Samsung Galaxy Note8
THE NOTE RANGE HAD A ROUGH 2016, BUT IT’S BACK (WITHOUT A BANG), AND SAMSUNG’S SUPER-SIZED SMARTPHONE IS BETTER THAN EVER
RIGHT The S8 design ain’t broke, so Samsung didn’t fix it in the Note8
Okay, look, as much as we want to just dive into the stuff we love about the Note8, we need to talk about the slightly singed elephant in the room: the Note 7 debacle.
Last year’s battery problem is the reason this year’s Note contains a relatively meagre 3,300mAh battery, which is smaller than the Galaxy
S8. Room needs to be made for the (super) S Pen stylus too, we guess, but Samsung knows it has to go for a battery that’s super-reliable here, even if that makes it potentially weaker on paper. The good news, as we’ll come to – is that the lack of battery capacity actually doesn’t make much difference, compared to the battery life of its sister handsets.
And with that one concern out of the way, we can say that the Note 8 joins the Galaxy S8+ as one of this year’s very best phones. If you’re a fan of the Note series, you definitely won’t be disappointed.
Since there’s pretty much no difference between the size of this 6.3inch screen and the 6.2-inch display of the S8+, a big part of choosing the Note 8 is whether you’ll make good use of the S Pen stylus.
As with the S8+, the Quad HD+ 1440x2960 Super AMOLED display is an absolute stunner – it’s only ever so slightly less pixel dense than the S8+. And, as you’d expect, it’s HDR-compatible (Netflix has already updated its app to support it here). As with the S8 series, the screen fills almost all of the front of the phone and the trio of Android controls at the bottom of the display are part of the display (the buttons are in the traditional Samsung arrangement of App Switcher on the left, Home in the centre and Back on the right).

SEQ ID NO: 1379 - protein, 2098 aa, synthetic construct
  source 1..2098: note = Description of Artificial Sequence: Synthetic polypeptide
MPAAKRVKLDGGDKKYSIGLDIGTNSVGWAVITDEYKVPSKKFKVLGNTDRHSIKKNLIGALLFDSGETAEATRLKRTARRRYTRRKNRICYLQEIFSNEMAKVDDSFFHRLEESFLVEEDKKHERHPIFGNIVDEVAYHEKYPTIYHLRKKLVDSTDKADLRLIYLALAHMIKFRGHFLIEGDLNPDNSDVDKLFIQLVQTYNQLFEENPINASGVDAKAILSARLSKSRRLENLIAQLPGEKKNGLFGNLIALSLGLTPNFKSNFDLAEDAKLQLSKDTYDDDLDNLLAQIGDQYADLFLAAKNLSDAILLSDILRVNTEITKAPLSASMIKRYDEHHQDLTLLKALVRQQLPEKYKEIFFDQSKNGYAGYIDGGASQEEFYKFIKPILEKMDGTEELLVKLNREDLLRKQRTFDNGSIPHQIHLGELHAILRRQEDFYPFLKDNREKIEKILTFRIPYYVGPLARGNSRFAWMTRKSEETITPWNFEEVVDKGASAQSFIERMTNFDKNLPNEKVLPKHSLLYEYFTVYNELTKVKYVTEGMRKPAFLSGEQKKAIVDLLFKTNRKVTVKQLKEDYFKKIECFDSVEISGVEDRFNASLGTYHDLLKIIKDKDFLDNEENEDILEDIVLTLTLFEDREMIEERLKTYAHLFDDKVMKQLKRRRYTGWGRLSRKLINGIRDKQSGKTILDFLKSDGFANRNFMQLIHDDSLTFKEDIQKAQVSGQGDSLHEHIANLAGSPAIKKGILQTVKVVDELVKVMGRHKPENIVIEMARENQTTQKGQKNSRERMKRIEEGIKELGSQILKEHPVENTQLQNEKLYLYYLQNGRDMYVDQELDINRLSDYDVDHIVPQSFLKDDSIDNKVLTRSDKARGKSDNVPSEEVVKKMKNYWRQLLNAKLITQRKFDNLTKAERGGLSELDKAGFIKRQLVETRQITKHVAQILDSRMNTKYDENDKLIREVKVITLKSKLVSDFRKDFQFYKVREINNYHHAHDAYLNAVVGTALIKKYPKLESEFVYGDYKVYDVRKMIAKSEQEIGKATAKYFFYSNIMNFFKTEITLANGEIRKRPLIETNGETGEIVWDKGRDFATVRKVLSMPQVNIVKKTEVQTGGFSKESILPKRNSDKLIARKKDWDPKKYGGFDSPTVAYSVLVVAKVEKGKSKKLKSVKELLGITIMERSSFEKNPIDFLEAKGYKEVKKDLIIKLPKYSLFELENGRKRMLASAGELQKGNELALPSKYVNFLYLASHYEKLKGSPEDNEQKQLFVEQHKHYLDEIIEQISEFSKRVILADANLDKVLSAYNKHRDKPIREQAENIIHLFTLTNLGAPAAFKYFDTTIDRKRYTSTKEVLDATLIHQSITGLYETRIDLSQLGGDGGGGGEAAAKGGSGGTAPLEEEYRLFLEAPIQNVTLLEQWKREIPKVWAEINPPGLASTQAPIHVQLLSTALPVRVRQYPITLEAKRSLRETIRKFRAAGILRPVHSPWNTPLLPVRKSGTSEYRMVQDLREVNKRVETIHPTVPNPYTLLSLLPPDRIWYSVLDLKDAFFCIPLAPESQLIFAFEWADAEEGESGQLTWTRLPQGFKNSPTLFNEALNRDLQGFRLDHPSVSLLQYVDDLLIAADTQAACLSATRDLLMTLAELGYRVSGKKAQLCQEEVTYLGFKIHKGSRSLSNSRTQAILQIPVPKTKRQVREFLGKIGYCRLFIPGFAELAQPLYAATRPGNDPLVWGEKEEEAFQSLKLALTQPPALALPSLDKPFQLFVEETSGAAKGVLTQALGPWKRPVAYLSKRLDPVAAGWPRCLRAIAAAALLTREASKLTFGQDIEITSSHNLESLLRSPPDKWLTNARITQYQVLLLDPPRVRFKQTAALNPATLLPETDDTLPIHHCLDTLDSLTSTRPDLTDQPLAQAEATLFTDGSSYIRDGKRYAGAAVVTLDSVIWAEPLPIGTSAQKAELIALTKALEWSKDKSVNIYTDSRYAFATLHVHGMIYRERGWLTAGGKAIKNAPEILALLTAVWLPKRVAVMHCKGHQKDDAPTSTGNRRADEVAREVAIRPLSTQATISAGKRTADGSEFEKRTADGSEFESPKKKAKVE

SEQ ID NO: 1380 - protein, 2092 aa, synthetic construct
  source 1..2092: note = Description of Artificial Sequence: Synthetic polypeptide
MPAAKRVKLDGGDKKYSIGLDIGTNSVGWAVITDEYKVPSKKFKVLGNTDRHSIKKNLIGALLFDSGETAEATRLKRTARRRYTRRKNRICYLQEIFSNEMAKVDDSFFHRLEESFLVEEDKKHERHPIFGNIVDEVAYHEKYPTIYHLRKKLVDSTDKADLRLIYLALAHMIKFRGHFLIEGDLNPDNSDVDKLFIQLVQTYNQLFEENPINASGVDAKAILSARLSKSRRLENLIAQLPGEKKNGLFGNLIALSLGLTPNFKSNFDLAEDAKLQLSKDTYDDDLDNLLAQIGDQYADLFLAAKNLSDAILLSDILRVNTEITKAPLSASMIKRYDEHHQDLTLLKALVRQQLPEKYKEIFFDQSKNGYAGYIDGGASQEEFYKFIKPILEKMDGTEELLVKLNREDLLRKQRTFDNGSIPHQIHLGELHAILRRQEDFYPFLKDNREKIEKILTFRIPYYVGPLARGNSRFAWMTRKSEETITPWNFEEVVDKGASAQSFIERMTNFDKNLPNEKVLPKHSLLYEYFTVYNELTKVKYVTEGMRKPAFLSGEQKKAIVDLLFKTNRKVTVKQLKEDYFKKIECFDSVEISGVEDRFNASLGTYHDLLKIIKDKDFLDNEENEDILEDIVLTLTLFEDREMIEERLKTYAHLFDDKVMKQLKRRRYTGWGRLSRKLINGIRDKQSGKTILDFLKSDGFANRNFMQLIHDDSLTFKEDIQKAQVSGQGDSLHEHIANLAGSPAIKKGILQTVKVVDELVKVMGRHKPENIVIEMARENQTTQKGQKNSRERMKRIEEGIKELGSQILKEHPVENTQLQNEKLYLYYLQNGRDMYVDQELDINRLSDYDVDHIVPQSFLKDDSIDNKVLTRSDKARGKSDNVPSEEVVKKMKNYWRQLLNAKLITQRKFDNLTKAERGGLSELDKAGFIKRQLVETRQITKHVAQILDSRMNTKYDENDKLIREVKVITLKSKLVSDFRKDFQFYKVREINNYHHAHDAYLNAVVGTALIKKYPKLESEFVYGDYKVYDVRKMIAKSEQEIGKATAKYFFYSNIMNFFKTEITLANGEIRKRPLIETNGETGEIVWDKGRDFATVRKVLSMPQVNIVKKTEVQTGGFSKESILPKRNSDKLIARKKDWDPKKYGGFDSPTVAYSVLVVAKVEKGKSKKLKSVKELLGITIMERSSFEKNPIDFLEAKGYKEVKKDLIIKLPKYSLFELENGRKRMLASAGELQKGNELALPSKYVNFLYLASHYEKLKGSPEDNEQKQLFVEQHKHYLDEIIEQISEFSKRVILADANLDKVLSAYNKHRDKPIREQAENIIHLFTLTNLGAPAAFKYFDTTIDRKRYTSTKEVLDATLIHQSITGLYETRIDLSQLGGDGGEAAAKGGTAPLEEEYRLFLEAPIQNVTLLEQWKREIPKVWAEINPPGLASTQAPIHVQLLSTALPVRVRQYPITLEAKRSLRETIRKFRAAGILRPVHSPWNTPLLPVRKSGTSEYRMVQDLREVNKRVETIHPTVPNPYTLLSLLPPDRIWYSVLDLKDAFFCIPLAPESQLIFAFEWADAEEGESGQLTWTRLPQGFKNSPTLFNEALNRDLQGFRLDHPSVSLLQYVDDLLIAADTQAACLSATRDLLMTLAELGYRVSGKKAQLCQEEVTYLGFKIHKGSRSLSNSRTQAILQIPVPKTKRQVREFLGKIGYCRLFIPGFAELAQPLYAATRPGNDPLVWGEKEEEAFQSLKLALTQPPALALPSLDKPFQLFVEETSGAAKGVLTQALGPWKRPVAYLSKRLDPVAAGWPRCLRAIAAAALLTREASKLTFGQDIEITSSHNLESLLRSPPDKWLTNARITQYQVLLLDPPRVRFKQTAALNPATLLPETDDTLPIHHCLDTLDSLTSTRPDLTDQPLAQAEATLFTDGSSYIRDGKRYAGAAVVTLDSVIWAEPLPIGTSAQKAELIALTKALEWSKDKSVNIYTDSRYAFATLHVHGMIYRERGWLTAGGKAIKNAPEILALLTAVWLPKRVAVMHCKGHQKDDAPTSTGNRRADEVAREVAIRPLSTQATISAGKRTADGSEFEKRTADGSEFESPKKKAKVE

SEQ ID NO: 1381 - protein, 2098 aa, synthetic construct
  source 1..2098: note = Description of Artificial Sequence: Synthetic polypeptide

TOUCHWIZ AND GO
Being a Samsung Galaxy handset, the Note8 uses a TouchWiz overlay atop Android 7.1.1. The interface has improved a lot over the last couple of years and we’re now fans.
However, one irritation remains, and that’s the conflict between Samsung’s own software and Google’s, (which is a problem with Android handsets from other manufacturers too, to be fair).
Nowhere is this more pronounced than in the conflict between Google Assistant and Samsung’s own assistant, called Bixby. The Note8 features a dedicated Bixby button on its left side, so you can call it up easily. You can also swipe in from the left on the home screen.
But during the phone’s startup process, you’re offered the option to enable Google Assistant. After that, holding down the virtual home button gets you to Google’s app while swiping left takes you to Bixby. Samsung says it wants to provide choice, but this is more confusing than helpful a lot of the time.
As for Bixby voice control itself, it’s still too early to judge whether it can be a contender versus Siri, Alexa and the rest in the long term. It is now available in India (US English and Korean only for now).
The big problem is the lack of unique functionality with Bixby.
The Bixby screen is a bit like a less intutive Google Now at the moment, while Bixby Vision enables you to do a shopping search for things you take pictures of, or find images of the item online. Matches are still really hit-andmiss for this.